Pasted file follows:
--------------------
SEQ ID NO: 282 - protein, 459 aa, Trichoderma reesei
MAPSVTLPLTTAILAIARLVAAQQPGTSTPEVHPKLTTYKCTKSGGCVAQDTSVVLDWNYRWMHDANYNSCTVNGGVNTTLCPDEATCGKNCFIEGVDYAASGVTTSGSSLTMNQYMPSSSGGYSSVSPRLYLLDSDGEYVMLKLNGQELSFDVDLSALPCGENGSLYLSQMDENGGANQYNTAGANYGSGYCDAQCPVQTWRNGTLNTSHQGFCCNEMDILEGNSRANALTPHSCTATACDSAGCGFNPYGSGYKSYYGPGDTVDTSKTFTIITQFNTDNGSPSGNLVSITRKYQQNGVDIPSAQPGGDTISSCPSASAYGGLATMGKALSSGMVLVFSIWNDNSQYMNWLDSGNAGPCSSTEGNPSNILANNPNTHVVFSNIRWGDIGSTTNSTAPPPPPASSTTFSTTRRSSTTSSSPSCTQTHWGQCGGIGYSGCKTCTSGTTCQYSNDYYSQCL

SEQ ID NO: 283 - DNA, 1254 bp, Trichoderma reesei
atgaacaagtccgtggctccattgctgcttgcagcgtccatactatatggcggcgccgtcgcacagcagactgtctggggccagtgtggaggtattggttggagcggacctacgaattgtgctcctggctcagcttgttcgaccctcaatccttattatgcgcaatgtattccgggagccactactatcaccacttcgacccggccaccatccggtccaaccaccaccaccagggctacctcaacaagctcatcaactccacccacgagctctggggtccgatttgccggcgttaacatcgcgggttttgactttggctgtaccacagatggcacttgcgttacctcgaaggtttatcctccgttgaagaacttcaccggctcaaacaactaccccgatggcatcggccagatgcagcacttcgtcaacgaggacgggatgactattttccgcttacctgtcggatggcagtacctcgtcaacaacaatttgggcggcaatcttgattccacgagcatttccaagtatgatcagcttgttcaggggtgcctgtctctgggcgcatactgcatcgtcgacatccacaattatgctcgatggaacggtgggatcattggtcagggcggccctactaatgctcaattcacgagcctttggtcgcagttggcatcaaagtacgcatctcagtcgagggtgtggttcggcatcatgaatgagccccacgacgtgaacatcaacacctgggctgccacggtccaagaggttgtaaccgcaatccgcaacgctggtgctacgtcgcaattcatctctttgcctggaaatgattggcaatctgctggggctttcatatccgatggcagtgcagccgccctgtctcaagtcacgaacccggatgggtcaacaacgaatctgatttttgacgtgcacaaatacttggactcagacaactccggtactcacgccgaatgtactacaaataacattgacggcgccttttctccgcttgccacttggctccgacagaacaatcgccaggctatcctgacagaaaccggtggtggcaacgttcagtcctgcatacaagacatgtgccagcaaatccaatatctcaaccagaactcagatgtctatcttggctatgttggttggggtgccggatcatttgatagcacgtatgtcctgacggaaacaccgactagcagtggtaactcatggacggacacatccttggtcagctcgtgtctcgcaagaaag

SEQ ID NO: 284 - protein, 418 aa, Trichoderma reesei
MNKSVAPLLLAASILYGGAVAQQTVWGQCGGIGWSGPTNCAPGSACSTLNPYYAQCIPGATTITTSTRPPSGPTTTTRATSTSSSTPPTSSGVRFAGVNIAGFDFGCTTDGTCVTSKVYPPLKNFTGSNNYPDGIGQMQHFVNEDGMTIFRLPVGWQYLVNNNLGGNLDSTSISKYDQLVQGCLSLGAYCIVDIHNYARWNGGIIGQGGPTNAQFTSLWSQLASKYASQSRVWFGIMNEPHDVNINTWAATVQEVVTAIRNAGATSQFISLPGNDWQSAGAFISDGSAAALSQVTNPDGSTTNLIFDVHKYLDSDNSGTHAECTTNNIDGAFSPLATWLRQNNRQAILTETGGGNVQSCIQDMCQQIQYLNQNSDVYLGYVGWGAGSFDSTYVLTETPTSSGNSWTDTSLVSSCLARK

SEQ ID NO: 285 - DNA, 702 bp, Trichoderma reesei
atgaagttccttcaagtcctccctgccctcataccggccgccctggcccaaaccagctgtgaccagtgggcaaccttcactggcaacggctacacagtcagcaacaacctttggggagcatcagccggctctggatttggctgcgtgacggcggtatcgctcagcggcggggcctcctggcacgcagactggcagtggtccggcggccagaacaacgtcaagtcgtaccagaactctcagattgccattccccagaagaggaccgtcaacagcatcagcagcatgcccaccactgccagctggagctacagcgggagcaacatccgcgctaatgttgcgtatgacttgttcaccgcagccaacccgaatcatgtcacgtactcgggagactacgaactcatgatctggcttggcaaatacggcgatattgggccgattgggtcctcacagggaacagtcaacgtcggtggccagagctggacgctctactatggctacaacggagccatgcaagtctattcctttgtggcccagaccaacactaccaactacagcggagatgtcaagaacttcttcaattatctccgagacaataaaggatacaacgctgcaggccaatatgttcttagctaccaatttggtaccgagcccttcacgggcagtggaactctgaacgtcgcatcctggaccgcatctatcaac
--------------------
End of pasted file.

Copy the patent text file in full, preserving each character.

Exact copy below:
SEQ ID NO: 282 - protein, 459 aa, Trichoderma reesei
MAPSVTLPLTTAILAIARLVAAQQPGTSTPEVHPKLTTYKCTKSGGCVAQDTSVVLDWNYRWMHDANYNSCTVNGGVNTTLCPDEATCGKNCFIEGVDYAASGVTTSGSSLTMNQYMPSSSGGYSSVSPRLYLLDSDGEYVMLKLNGQELSFDVDLSALPCGENGSLYLSQMDENGGANQYNTAGANYGSGYCDAQCPVQTWRNGTLNTSHQGFCCNEMDILEGNSRANALTPHSCTATACDSAGCGFNPYGSGYKSYYGPGDTVDTSKTFTIITQFNTDNGSPSGNLVSITRKYQQNGVDIPSAQPGGDTISSCPSASAYGGLATMGKALSSGMVLVFSIWNDNSQYMNWLDSGNAGPCSSTEGNPSNILANNPNTHVVFSNIRWGDIGSTTNSTAPPPPPASSTTFSTTRRSSTTSSSPSCTQTHWGQCGGIGYSGCKTCTSGTTCQYSNDYYSQCL

SEQ ID NO: 283 - DNA, 1254 bp, Trichoderma reesei
atgaacaagtccgtggctccattgctgcttgcagcgtccatactatatggcggcgccgtcgcacagcagactgtctggggccagtgtggaggtattggttggagcggacctacgaattgtgctcctggctcagcttgttcgaccctcaatccttattatgcgcaatgtattccgggagccactactatcaccacttcgacccggccaccatccggtccaaccaccaccaccagggctacctcaacaagctcatcaactccacccacgagctctggggtccgatttgccggcgttaacatcgcgggttttgactttggctgtaccacagatggcacttgcgttacctcgaaggtttatcctccgttgaagaacttcaccggctcaaacaactaccccgatggcatcggccagatgcagcacttcgtcaacgaggacgggatgactattttccgcttacctgtcggatggcagtacctcgtcaacaacaatttgggcggcaatcttgattccacgagcatttccaagtatgatcagcttgttcaggggtgcctgtctctgggcgcatactgcatcgtcgacatccacaattatgctcgatggaacggtgggatcattggtcagggcggccctactaatgctcaattcacgagcctttggtcgcagttggcatcaaagtacgcatctcagtcgagggtgtggttcggcatcatgaatgagccccacgacgtgaacatcaacacctgggctgccacggtccaagaggttgtaaccgcaatccgcaacgctggtgctacgtcgcaattcatctctttgcctggaaatgattggcaatctgctggggctttcatatccgatggcagtgcagccgccctgtctcaagtcacgaacccggatgggtcaacaacgaatctgatttttgacgtgcacaaatacttggactcagacaactccggtactcacgccgaatgtactacaaataacattgacggcgccttttctccgcttgccacttggctccgacagaacaatcgccaggctatcctgacagaaaccggtggtggcaacgttcagtcctgcatacaagacatgtgccagcaaatccaatatctcaaccagaactcagatgtctatcttggctatgttggttggggtgccggatcatttgatagcacgtatgtcctgacggaaacaccgactagcagtggtaactcatggacggacacatccttggtcagctcgtgtctcgcaagaaag

SEQ ID NO: 284 - protein, 418 aa, Trichoderma reesei
MNKSVAPLLLAASILYGGAVAQQTVWGQCGGIGWSGPTNCAPGSACSTLNPYYAQCIPGATTITTSTRPPSGPTTTTRATSTSSSTPPTSSGVRFAGVNIAGFDFGCTTDGTCVTSKVYPPLKNFTGSNNYPDGIGQMQHFVNEDGMTIFRLPVGWQYLVNNNLGGNLDSTSISKYDQLVQGCLSLGAYCIVDIHNYARWNGGIIGQGGPTNAQFTSLWSQLASKYASQSRVWFGIMNEPHDVNINTWAATVQEVVTAIRNAGATSQFISLPGNDWQSAGAFISDGSAAALSQVTNPDGSTTNLIFDVHKYLDSDNSGTHAECTTNNIDGAFSPLATWLRQNNRQAILTETGGGNVQSCIQDMCQQIQYLNQNSDVYLGYVGWGAGSFDSTYVLTETPTSSGNSWTDTSLVSSCLARK

SEQ ID NO: 285 - DNA, 702 bp, Trichoderma reesei
atgaagttccttcaagtcctccctgccctcataccggccgccctggcccaaaccagctgtgaccagtgggcaaccttcactggcaacggctacacagtcagcaacaacctttggggagcatcagccggctctggatttggctgcgtgacggcggtatcgctcagcggcggggcctcctggcacgcagactggcagtggtccggcggccagaacaacgtcaagtcgtaccagaactctcagattgccattccccagaagaggaccgtcaacagcatcagcagcatgcccaccactgccagctggagctacagcgggagcaacatccgcgctaatgttgcgtatgacttgttcaccgcagccaacccgaatcatgtcacgtactcgggagactacgaactcatgatctggcttggcaaatacggcgatattgggccgattgggtcctcacagggaacagtcaacgtcggtggccagagctggacgctctactatggctacaacggagccatgcaagtctattcctttgtggcccagaccaacactaccaactacagcggagatgtcaagaacttcttcaattatctccgagacaataaaggatacaacgctgcaggccaatatgttcttagctaccaatttggtaccgagcccttcacgggcagtggaactctgaacgtcgcatcctggaccgcatctatcaac